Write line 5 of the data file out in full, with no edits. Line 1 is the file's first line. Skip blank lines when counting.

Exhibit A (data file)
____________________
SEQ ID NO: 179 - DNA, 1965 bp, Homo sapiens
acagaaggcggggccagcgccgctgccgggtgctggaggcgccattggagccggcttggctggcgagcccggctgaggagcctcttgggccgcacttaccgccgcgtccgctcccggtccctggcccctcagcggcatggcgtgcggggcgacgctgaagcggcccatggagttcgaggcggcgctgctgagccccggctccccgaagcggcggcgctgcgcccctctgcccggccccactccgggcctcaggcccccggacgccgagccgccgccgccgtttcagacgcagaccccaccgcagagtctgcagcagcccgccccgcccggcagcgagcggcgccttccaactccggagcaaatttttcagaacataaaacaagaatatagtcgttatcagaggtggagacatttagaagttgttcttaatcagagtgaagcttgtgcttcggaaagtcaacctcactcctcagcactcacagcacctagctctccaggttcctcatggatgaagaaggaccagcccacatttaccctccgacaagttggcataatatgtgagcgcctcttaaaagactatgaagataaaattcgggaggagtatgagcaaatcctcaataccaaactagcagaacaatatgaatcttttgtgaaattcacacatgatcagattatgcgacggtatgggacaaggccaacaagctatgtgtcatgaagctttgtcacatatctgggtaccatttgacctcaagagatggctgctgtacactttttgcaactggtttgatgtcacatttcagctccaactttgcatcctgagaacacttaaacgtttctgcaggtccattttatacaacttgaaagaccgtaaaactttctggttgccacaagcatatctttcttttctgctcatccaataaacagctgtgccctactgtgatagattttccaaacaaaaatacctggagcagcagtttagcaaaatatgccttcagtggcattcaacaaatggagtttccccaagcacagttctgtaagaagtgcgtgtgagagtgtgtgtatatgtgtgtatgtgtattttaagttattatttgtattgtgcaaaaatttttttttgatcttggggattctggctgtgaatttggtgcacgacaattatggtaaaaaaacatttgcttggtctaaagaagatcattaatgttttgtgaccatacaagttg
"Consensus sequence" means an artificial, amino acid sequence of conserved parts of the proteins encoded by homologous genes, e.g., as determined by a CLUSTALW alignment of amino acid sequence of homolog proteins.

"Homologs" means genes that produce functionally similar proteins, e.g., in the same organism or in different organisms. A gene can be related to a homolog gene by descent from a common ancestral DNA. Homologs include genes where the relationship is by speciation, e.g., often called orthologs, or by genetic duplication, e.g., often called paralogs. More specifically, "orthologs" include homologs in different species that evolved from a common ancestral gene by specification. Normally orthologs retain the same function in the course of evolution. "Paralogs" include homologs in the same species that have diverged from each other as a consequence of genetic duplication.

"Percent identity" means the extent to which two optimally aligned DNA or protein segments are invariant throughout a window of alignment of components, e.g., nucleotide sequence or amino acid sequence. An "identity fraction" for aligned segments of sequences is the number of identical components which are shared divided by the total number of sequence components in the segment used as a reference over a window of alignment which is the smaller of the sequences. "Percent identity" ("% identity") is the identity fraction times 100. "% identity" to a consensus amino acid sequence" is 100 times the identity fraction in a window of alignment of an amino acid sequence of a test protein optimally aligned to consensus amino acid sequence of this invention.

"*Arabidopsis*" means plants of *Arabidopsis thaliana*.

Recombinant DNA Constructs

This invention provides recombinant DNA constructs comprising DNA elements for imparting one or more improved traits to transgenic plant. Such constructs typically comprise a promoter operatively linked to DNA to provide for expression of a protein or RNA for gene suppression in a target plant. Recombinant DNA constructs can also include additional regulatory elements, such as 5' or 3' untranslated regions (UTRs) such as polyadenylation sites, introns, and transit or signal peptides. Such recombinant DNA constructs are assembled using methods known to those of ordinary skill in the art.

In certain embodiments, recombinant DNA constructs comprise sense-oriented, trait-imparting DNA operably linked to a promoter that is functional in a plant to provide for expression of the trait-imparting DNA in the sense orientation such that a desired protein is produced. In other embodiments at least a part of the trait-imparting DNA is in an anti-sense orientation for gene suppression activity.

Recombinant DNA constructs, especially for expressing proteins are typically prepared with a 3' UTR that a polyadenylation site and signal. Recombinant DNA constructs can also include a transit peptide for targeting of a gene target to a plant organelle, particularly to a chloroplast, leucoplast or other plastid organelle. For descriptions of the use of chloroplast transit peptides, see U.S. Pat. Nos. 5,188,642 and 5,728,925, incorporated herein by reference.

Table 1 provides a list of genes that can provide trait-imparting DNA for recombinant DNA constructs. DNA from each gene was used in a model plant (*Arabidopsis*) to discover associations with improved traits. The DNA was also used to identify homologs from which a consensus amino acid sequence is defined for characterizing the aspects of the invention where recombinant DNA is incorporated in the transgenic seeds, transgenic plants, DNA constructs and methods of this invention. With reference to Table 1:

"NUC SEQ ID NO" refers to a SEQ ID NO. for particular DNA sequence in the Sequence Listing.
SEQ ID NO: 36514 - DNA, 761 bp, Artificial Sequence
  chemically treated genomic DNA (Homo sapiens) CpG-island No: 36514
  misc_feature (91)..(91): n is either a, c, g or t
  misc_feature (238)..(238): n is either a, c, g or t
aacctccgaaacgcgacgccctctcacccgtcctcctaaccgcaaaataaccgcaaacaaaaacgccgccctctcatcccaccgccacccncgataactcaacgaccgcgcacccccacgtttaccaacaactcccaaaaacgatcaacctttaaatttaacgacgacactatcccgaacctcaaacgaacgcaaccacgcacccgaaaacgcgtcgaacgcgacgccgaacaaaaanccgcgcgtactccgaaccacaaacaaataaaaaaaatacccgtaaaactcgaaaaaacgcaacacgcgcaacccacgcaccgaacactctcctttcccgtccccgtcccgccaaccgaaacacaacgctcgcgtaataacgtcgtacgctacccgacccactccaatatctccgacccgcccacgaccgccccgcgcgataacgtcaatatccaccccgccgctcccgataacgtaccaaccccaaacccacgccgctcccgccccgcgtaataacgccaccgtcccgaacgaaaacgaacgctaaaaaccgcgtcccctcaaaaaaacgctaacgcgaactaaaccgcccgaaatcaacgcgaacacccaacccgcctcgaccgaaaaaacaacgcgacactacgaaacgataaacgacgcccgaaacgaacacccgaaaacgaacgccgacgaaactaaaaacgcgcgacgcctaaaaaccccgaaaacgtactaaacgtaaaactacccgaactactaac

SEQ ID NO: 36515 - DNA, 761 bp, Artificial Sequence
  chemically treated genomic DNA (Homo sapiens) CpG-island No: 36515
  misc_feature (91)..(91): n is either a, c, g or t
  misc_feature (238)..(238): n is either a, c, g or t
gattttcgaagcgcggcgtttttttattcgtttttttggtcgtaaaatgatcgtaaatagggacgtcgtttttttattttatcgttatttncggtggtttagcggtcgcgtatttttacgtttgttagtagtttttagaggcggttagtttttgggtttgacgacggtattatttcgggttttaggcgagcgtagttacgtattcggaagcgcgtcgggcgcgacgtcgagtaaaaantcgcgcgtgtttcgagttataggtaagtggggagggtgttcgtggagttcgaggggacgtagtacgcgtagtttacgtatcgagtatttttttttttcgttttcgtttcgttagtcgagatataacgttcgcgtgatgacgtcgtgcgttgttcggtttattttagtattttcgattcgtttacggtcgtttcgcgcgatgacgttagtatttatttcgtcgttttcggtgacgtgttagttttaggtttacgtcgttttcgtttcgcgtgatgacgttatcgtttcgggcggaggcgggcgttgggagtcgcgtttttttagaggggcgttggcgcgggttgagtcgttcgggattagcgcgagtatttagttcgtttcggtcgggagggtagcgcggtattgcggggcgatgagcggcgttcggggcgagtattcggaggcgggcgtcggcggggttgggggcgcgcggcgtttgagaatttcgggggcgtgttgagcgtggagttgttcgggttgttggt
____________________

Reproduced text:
"Percent identity" means the extent to which two optimally aligned DNA or protein segments are invariant throughout a window of alignment of components, e.g., nucleotide sequence or amino acid sequence. An "identity fraction" for aligned segments of sequences is the number of identical components which are shared divided by the total number of sequence components in the segment used as a reference over a window of alignment which is the smaller of the sequences. "Percent identity" ("% identity") is the identity fraction times 100. "% identity" to a consensus amino acid sequence" is 100 times the identity fraction in a window of alignment of an amino acid sequence of a test protein optimally aligned to consensus amino acid sequence of this invention.